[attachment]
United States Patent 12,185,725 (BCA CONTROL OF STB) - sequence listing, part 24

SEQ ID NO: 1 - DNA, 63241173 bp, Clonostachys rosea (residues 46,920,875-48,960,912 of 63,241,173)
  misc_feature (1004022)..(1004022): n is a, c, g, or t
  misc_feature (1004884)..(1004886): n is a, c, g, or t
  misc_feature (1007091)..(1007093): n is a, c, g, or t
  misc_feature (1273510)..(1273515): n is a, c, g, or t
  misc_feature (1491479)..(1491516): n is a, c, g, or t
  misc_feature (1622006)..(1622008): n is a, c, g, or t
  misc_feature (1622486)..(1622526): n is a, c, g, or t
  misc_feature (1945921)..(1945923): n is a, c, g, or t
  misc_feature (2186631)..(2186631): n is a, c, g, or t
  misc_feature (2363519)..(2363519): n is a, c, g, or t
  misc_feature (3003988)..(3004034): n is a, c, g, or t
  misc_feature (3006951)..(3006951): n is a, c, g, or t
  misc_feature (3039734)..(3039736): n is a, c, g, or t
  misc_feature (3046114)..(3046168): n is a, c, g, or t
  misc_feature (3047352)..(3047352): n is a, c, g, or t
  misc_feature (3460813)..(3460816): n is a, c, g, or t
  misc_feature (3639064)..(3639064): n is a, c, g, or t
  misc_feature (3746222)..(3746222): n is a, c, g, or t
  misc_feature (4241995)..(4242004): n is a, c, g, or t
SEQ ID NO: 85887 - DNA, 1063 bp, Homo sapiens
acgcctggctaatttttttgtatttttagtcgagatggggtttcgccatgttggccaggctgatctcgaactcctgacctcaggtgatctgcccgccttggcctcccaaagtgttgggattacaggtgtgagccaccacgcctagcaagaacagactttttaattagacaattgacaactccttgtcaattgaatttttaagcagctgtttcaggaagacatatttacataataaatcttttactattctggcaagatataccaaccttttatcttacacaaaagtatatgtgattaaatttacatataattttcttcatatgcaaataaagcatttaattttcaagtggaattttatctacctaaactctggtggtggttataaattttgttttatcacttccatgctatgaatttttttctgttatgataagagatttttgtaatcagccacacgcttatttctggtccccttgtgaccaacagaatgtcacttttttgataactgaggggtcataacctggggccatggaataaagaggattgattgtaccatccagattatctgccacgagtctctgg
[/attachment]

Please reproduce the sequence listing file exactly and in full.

United States Patent 12,185,725 (BCA CONTROL OF STB) - sequence listing, part 24

SEQ ID NO: 1 - DNA, 63241173 bp, Clonostachys rosea (residues 46,920,875-48,960,912 of 63,241,173)
  misc_feature (1004022)..(1004022): n is a, c, g, or t
  misc_feature (1004884)..(1004886): n is a, c, g, or t
  misc_feature (1007091)..(1007093): n is a, c, g, or t
  misc_feature (1273510)..(1273515): n is a, c, g, or t
  misc_feature (1491479)..(1491516): n is a, c, g, or t
  misc_feature (1622006)..(1622008): n is a, c, g, or t
  misc_feature (1622486)..(1622526): n is a, c, g, or t
  misc_feature (1945921)..(1945923): n is a, c, g, or t
  misc_feature (2186631)..(2186631): n is a, c, g, or t
  misc_feature (2363519)..(2363519): n is a, c, g, or t
  misc_feature (3003988)..(3004034): n is a, c, g, or t
  misc_feature (3006951)..(3006951): n is a, c, g, or t
  misc_feature (3039734)..(3039736): n is a, c, g, or t
  misc_feature (3046114)..(3046168): n is a, c, g, or t
  misc_feature (3047352)..(3047352): n is a, c, g, or t
  misc_feature (3460813)..(3460816): n is a, c, g, or t
  misc_feature (3639064)..(3639064): n is a, c, g, or t
  misc_feature (3746222)..(3746222): n is a, c, g, or t
  misc_feature (4241995)..(4242004): n is a, c, g, or t
SEQ ID NO: 85887 - DNA, 1063 bp, Homo sapiens
acgcctggctaatttttttgtatttttagtcgagatggggtttcgccatgttggccaggctgatctcgaactcctgacctcaggtgatctgcccgccttggcctcccaaagtgttgggattacaggtgtgagccaccacgcctagcaagaacagactttttaattagacaattgacaactccttgtcaattgaatttttaagcagctgtttcaggaagacatatttacataataaatcttttactattctggcaagatataccaaccttttatcttacacaaaagtatatgtgattaaatttacatataattttcttcatatgcaaataaagcatttaattttcaagtggaattttatctacctaaactctggtggtggttataaattttgttttatcacttccatgctatgaatttttttctgttatgataagagatttttgtaatcagccacacgcttatttctggtccccttgtgaccaacagaatgtcacttttttgataactgaggggtcataacctggggccatggaataaagaggattgattgtaccatccagattatctgccacgagtctctgg